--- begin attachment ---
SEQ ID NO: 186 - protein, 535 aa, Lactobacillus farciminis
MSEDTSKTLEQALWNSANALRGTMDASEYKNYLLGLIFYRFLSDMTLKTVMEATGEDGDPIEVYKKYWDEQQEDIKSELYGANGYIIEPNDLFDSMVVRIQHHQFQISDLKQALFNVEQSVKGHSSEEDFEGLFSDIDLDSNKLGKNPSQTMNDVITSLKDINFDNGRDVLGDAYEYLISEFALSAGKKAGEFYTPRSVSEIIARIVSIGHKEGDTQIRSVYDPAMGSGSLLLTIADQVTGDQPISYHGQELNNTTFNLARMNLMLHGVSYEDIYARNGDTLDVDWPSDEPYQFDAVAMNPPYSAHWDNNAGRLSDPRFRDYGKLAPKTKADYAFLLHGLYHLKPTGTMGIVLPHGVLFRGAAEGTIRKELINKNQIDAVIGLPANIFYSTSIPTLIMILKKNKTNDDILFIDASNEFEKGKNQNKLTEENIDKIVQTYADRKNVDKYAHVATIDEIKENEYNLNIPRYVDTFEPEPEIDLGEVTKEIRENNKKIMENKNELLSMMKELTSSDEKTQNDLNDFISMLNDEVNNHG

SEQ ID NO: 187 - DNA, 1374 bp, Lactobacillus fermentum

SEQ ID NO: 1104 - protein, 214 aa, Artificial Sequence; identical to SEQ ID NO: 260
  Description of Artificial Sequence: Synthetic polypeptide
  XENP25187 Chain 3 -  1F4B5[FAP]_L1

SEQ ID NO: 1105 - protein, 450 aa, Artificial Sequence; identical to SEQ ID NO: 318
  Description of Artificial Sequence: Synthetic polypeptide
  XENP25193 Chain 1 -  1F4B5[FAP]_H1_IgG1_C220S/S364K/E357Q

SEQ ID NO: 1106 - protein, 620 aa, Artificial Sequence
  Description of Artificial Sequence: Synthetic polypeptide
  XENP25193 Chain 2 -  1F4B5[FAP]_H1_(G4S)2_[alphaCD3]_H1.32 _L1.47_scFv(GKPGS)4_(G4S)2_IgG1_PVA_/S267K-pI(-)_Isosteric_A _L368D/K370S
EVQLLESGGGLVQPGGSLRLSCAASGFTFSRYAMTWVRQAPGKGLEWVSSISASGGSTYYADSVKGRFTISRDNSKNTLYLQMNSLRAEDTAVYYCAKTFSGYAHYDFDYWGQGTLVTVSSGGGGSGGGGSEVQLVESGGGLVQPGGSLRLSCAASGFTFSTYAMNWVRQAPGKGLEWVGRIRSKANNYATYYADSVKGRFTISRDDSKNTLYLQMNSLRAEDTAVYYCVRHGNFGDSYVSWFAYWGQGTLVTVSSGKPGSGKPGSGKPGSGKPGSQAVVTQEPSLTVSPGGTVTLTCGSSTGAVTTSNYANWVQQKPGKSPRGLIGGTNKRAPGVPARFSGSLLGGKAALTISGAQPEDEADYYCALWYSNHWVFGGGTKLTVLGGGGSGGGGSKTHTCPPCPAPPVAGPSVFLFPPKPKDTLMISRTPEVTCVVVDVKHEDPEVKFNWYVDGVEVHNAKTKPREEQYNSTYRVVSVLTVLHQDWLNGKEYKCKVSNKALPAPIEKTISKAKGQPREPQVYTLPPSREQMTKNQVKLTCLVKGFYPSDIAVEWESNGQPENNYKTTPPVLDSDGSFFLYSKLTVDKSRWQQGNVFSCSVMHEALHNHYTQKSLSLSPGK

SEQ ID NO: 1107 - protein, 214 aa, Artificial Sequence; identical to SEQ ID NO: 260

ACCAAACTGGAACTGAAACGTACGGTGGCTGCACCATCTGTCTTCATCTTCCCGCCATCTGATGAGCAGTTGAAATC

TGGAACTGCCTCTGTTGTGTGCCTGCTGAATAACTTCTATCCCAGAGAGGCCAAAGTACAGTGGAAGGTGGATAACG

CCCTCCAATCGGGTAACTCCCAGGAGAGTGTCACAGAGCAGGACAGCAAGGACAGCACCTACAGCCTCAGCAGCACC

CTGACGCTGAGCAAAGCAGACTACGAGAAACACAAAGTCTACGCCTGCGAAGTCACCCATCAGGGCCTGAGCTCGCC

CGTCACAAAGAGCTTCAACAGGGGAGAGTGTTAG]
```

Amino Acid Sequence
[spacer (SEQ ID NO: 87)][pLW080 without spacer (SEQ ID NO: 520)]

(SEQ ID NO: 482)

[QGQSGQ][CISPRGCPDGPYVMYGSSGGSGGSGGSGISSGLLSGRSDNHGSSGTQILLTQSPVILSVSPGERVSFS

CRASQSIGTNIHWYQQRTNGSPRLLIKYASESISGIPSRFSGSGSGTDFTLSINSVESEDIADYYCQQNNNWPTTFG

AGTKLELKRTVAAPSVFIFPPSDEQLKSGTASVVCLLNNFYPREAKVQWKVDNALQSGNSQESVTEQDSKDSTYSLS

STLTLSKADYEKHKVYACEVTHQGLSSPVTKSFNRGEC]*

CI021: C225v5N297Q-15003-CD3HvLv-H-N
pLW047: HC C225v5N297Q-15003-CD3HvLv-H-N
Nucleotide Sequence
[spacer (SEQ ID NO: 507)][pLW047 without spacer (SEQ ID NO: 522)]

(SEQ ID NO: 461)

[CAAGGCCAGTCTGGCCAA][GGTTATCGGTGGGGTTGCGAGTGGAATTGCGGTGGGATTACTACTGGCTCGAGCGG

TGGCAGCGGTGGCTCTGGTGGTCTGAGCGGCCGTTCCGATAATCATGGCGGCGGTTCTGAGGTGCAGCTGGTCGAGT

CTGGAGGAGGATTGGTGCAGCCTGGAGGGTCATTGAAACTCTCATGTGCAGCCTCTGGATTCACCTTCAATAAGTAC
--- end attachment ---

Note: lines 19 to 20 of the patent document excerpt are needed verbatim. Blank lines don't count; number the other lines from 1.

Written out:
CGTCACAAAGAGCTTCAACAGGGGAGAGTGTTAG]
```